Speaking on his works, which focused primarily on the wonders of broadcasting, and his passion which has garnered a cult following by Nigeria’s high and mighty, ‘‘The Bisi Olatilo show’s awesome archive of iconic events parade the coverage of convocations of universities, coronation of traditional rulers, inauguration of state governors in Nigeria, the inauguration of Nigerian presidents and president Barrack Obama of America. The BOS archive is replete with very exciting pan and beyond-Nigeria super coverages of high-society weddings, birthday parties, anniversaries, and awards festivals. The BOS show is the first and the best, but it still remains on the top of our game.

 The broadcasting industry

 When asked about the current state of broadcasting in Nigeria, this was what he had to say, “the younger ones have a great job to do in not trying to mimic and sound so unprofessional and unnatural because what we have in the broadcasting rules have never changed, and they won’t change. But most of them have gone off the line, they just do what they like. It’s a global village now. We must try and aim to align with international standards in all the things that we do. And the government itself needs to sit up so that we can be aligned with what’s happening internationally; otherwise, we will be left behind.’’

Does he think Nigerian broadcasters are competitive compared to other nations, he said, “the kind of training we had can be equated to what they say about Nigerians, the most educated immigrants in the world. The same goes for broadcasting because we go through the best in terms of training. After all, the broadcasting authorities in Nigeria don’t joke with that. They take their business and guard it jealously and they give it prime attention, so with that, we can operate comparatively. We are the best everywhere.’’

In a word of admonition to the government, he said, “Honestly, I think the federal government is dragging its feet too much; there have been all kinds of talks about taking us from the analogue to the digital.’’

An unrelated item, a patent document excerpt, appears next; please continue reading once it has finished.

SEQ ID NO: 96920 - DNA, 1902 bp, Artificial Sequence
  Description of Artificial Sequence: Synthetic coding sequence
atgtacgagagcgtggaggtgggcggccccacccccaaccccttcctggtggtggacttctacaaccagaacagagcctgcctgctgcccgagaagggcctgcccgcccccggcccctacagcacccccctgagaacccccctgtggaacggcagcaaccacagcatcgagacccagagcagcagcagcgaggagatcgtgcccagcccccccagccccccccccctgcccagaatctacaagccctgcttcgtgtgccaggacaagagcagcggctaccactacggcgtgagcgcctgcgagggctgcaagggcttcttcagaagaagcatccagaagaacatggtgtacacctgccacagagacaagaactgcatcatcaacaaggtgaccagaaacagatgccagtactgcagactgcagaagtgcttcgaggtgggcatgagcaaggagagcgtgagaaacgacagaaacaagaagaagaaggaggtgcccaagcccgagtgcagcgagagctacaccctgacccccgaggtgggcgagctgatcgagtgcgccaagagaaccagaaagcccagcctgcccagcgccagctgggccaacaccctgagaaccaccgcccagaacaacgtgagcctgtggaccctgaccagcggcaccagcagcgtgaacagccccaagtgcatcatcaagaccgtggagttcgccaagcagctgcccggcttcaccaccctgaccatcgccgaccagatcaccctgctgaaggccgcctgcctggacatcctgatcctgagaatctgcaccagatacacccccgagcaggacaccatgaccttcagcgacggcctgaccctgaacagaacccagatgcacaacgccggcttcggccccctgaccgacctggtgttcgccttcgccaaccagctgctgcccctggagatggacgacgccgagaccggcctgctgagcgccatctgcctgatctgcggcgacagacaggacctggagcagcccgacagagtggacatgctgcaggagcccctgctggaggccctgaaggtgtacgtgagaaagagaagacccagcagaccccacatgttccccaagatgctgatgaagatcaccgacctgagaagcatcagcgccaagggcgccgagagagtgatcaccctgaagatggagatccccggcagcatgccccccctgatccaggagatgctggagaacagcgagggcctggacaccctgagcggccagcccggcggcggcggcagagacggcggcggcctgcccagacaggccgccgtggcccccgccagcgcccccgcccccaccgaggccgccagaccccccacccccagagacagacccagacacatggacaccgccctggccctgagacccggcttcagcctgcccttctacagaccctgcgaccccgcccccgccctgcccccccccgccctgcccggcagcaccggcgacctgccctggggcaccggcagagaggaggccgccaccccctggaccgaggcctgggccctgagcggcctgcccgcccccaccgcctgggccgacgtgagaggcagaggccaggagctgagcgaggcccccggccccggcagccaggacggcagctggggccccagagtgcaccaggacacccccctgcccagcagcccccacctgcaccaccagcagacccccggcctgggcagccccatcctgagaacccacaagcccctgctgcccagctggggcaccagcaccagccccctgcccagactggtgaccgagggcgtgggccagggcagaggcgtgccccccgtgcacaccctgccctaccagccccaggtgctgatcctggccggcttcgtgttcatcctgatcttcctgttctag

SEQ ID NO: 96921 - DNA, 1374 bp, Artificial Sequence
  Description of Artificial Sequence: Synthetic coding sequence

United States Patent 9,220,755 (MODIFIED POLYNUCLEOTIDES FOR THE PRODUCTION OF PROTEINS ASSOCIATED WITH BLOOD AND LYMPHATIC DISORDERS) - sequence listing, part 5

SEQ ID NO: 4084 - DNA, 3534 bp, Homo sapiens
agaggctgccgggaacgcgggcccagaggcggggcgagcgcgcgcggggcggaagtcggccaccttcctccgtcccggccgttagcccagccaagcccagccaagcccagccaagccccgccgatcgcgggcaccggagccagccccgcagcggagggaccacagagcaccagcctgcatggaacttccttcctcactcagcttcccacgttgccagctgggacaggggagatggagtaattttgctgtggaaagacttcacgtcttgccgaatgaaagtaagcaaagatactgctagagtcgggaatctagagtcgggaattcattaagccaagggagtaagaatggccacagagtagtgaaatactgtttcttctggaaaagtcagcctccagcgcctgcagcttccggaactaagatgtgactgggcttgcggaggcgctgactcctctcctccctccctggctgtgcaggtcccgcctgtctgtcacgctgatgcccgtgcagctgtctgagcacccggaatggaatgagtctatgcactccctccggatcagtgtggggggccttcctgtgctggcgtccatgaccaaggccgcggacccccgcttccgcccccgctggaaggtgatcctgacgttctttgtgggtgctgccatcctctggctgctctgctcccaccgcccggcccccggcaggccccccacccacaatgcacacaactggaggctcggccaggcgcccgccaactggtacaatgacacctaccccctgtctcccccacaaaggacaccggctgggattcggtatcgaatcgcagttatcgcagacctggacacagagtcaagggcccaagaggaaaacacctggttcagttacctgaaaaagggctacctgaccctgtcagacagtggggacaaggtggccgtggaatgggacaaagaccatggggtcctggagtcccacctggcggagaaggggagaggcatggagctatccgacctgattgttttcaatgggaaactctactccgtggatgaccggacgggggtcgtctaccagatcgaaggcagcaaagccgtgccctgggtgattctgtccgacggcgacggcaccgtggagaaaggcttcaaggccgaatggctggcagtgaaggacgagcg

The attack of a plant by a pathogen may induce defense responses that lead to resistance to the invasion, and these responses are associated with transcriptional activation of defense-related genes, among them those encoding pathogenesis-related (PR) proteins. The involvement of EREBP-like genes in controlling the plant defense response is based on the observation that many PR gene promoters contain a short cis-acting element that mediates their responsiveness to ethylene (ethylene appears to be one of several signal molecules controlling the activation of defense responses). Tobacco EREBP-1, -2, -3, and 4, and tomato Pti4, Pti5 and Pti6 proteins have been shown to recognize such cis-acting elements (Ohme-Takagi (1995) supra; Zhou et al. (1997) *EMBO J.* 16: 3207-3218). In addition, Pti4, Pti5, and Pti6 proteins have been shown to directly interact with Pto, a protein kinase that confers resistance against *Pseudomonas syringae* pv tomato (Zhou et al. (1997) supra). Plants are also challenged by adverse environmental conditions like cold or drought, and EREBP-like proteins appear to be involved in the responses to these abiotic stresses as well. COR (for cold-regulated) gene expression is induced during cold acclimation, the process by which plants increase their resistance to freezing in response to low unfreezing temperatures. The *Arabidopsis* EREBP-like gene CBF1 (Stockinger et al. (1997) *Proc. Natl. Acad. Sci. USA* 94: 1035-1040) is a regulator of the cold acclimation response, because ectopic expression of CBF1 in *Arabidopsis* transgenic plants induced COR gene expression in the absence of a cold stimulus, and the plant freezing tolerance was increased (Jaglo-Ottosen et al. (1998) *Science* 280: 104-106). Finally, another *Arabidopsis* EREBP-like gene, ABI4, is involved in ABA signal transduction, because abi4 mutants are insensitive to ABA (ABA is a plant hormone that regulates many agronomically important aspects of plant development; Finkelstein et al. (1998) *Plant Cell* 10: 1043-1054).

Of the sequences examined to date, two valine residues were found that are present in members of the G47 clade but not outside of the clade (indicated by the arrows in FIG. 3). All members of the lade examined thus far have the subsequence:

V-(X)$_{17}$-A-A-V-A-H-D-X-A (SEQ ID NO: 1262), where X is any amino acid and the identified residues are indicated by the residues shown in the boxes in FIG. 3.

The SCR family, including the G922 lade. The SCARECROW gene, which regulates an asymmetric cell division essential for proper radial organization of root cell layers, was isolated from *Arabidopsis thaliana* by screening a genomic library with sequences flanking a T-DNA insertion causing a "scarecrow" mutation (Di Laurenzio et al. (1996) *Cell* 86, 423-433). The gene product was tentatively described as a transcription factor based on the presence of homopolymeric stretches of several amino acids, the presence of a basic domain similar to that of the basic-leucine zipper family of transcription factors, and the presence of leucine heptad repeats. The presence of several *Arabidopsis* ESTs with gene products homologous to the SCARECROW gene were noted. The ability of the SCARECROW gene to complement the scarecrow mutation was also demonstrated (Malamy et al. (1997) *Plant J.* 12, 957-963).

Life Experience

Experiencing one’s entire office complex burn to ashes on two separate occasions in the space of seven years can be devastating. But, like a phoenix, Olatilo rose and has continually flourished.

In 2021, during the COVID-19 pandemic, fighting for his life, the least news he was expecting to see on the internet was the purported news of his own death. This was indeed painful, but he took it in good strides and has since experienced a clean bill of health.

At the heart of his life’s journey and many travails, his wife has been rock-solid by his side.  In his words, ‘’My wife whom I have been married to for 43 years, is the champion of the many fights. I am eternally grateful to my wife and Pastor Wole Oladiyun for standing by me through these times’’

 On Business Succession

I’m blessed with five children and five grandchildren—three girls and two boys—and the eldest of my grandchildren is 15 years old. I hope my children come back to help me here soon.

His Guiding Principles

Quite a lot of his professional colleagues and friends see him as a reference point, and one thing has remained: his staying power, hard work, and undivided interest in his passion.

Olatilo is however, worried that values are fast eroding, and here is why: “In broadcasting, there’s a very popular saying that before you enter in a broadcasting environment, drop whatever problems you have, throw it behind the gate, don’t enter with it, because the slightest distraction is not good for what you do.

“If you met me here writing a script, if you drop a pin, you’ll hear the sound; that’s how quiet it has to be. Well, do we have that around here now? Most of them are doing the job as if they are being forced to do it and I say to them, in our days we developed; I mean, we just enjoy doing this job.

“I may not have been at the roaster to read the news or do anything, but because I was in the mood, I just went straight to the broadcasting house, and maybe there without not being roastered to work.’’

For Bisi Olatilo who clocked 70, a month ago, he isn’t showing signs of slowing down. Instead, these intrinsic lessons have been his guiding light, mantra, and what he has been able to do in his life, he enthused, ‘’I have learned never to contaminate my belief in God with other side attractions. If it is God, let it be God. Let the smaller gods be because they can only do negative things in your life. Be focused and think positively towards your next-door neighbour. These are things I have been able to do in my life.’’

 And if you’ve ever wondered what the secret is to his strength and success, it’s simple: a clear conscience, prayers, and not getting worried. Till his dying old age, Olatilo wants to remain focused, happy, and good to other people.